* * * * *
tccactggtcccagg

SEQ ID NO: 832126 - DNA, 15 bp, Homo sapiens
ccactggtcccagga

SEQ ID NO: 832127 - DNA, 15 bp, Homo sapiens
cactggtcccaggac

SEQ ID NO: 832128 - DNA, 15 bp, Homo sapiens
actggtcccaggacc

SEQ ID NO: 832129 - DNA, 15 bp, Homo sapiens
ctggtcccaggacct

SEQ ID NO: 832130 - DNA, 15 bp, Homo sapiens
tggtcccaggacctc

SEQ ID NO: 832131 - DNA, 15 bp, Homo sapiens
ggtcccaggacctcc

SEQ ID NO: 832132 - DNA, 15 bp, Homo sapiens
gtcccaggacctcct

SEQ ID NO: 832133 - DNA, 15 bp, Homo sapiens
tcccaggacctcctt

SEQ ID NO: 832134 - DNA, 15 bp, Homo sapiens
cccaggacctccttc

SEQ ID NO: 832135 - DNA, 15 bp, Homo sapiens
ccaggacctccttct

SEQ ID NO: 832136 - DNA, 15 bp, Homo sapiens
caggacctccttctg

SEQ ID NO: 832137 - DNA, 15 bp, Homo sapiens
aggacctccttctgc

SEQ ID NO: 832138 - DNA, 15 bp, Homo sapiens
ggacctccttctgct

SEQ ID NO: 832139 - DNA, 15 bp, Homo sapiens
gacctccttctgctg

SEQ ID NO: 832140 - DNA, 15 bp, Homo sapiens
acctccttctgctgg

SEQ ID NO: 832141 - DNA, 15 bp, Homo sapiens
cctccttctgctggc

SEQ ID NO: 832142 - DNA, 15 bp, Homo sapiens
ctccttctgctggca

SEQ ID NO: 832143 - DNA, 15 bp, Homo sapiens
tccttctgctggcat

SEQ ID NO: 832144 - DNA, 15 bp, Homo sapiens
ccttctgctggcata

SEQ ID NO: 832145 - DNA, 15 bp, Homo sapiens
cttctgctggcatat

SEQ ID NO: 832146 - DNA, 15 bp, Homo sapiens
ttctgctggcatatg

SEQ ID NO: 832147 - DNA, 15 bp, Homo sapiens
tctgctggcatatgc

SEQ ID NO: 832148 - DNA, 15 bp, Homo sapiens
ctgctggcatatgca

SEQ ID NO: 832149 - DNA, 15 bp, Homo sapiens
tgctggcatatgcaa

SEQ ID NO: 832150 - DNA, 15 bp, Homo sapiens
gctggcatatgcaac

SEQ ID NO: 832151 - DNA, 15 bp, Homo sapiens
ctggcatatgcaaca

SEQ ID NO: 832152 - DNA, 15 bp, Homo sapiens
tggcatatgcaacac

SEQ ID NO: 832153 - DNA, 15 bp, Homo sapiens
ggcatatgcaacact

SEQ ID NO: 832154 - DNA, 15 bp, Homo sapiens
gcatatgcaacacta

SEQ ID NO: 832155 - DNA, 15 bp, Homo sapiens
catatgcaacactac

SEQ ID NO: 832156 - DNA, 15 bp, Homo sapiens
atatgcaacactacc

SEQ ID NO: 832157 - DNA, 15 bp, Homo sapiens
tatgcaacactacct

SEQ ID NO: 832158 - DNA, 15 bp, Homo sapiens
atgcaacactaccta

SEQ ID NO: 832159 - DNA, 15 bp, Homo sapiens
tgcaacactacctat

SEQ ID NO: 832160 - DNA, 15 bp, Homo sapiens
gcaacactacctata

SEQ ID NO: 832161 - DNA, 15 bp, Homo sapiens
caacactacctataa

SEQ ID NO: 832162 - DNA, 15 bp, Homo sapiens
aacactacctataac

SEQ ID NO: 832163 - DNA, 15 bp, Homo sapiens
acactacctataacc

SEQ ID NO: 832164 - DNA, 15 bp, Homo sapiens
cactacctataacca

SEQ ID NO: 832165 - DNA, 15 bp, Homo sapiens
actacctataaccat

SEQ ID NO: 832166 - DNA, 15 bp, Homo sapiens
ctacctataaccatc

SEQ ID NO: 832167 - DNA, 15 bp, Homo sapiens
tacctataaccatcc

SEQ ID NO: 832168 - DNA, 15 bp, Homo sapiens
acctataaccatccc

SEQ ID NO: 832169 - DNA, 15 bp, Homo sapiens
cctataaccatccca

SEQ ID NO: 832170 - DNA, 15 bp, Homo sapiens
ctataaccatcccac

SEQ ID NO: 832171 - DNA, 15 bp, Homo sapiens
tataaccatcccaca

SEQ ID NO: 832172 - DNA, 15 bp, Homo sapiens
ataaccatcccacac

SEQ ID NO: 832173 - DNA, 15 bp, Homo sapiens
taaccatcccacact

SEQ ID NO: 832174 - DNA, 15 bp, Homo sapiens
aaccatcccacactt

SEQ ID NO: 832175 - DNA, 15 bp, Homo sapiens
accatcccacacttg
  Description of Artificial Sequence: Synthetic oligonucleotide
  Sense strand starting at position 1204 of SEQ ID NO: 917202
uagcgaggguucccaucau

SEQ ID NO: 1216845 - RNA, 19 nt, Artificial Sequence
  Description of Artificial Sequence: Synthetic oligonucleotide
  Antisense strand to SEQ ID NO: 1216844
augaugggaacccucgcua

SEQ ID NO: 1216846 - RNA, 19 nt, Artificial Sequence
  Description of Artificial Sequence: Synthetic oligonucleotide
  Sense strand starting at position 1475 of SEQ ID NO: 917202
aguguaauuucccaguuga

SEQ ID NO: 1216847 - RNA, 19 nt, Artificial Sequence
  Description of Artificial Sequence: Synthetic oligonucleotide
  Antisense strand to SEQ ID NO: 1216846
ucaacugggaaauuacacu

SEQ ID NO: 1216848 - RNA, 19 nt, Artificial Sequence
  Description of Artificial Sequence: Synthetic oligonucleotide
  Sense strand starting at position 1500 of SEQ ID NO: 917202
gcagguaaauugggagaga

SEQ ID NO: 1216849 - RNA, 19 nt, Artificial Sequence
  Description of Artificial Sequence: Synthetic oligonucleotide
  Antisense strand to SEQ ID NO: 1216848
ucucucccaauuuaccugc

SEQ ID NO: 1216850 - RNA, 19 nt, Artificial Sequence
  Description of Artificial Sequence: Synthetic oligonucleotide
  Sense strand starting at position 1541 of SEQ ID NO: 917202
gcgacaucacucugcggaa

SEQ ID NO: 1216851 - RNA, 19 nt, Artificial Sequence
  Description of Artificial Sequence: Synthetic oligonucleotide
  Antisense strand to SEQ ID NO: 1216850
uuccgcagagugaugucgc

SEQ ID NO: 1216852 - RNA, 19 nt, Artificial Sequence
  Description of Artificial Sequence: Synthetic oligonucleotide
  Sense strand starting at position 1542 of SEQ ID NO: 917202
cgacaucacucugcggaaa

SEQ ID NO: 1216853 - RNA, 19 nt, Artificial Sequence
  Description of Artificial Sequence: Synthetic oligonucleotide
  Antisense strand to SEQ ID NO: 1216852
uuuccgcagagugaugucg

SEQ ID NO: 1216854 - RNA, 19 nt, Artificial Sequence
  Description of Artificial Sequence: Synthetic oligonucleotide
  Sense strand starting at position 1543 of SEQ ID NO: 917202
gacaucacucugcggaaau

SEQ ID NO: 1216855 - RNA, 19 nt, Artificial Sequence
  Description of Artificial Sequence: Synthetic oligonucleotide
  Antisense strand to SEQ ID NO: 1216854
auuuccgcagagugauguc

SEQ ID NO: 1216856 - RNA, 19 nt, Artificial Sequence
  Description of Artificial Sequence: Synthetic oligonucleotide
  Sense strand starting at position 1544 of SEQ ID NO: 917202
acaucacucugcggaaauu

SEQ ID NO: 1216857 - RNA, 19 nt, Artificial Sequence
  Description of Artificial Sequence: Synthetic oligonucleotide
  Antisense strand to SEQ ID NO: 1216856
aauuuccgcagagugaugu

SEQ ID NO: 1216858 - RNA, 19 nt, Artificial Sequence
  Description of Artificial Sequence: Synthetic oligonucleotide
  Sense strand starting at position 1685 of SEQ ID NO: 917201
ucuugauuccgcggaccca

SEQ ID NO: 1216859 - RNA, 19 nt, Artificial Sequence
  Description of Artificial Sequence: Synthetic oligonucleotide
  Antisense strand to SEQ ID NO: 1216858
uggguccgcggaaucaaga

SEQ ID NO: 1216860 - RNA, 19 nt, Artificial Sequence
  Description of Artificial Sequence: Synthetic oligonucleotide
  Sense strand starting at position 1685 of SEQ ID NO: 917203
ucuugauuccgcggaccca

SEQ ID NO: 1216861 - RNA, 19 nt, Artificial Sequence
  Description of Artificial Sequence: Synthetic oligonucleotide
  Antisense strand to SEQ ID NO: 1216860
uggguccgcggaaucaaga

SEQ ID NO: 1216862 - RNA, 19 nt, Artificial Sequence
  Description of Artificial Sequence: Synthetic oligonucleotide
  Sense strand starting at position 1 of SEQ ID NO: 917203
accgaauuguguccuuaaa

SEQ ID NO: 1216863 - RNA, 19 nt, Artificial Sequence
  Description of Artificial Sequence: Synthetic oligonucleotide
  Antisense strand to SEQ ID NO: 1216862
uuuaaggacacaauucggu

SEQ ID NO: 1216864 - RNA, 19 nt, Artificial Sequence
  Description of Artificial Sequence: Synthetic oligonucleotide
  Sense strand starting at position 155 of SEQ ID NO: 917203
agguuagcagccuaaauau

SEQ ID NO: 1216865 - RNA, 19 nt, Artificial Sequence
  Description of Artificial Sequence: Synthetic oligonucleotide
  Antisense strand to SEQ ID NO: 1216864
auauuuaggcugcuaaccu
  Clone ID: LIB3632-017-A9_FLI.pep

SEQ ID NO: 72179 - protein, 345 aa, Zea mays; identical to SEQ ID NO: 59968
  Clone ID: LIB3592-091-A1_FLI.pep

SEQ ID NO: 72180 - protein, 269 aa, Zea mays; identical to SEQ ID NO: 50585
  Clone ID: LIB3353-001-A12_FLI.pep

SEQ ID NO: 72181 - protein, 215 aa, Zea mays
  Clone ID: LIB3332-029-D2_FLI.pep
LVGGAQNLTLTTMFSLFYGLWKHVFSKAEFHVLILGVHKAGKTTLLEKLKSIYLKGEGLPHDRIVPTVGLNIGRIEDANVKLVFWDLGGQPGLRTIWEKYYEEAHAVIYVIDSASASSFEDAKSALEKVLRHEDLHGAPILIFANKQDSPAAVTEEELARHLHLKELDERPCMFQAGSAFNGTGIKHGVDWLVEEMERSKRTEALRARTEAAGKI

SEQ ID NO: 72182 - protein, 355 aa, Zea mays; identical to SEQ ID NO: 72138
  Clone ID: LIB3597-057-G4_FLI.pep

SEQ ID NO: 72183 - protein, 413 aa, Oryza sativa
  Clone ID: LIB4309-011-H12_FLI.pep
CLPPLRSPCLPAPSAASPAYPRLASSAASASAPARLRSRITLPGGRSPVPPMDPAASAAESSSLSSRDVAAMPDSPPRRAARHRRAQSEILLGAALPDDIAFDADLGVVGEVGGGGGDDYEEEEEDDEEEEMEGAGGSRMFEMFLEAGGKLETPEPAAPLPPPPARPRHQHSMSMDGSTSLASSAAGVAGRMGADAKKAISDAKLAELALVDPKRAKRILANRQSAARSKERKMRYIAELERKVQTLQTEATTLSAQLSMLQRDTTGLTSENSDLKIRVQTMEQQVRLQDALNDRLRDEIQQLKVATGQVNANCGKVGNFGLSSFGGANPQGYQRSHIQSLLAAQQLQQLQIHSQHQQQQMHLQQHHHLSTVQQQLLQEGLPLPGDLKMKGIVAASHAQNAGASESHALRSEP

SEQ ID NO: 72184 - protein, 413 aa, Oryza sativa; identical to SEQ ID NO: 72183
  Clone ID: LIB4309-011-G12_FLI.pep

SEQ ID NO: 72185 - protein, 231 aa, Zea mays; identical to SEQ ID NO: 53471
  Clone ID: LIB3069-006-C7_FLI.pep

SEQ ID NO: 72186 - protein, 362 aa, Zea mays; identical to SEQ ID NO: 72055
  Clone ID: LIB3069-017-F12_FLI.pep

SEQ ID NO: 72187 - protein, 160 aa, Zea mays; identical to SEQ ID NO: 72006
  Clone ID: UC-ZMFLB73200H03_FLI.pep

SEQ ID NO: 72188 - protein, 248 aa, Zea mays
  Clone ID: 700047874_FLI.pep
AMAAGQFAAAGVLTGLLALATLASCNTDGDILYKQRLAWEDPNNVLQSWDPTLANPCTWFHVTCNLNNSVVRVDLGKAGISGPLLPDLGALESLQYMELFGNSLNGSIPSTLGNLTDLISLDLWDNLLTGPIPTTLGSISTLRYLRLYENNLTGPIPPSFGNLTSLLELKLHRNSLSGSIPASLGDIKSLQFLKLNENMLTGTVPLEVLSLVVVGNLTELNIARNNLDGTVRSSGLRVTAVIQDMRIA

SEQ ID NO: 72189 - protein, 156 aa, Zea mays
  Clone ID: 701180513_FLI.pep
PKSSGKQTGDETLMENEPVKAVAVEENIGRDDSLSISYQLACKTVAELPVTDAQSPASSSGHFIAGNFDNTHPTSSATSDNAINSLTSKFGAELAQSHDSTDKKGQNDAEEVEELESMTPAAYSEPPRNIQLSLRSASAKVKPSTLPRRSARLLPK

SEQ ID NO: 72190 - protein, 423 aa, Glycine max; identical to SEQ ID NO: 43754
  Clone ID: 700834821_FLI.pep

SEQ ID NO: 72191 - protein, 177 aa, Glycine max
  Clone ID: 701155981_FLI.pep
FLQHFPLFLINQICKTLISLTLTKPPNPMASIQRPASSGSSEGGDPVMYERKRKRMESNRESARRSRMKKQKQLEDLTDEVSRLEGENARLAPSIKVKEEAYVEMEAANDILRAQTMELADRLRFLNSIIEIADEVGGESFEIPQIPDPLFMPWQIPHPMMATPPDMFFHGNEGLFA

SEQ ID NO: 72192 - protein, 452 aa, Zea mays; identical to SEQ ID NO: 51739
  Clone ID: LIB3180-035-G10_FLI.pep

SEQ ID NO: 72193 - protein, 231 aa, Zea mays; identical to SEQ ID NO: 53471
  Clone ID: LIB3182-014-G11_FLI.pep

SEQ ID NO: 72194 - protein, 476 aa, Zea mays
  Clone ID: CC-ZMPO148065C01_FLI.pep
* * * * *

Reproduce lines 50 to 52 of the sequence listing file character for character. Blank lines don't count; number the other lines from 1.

SEQ ID NO: 832150 - DNA, 15 bp, Homo sapiens
gctggcatatgcaac

SEQ ID NO: 832151 - DNA, 15 bp, Homo sapiens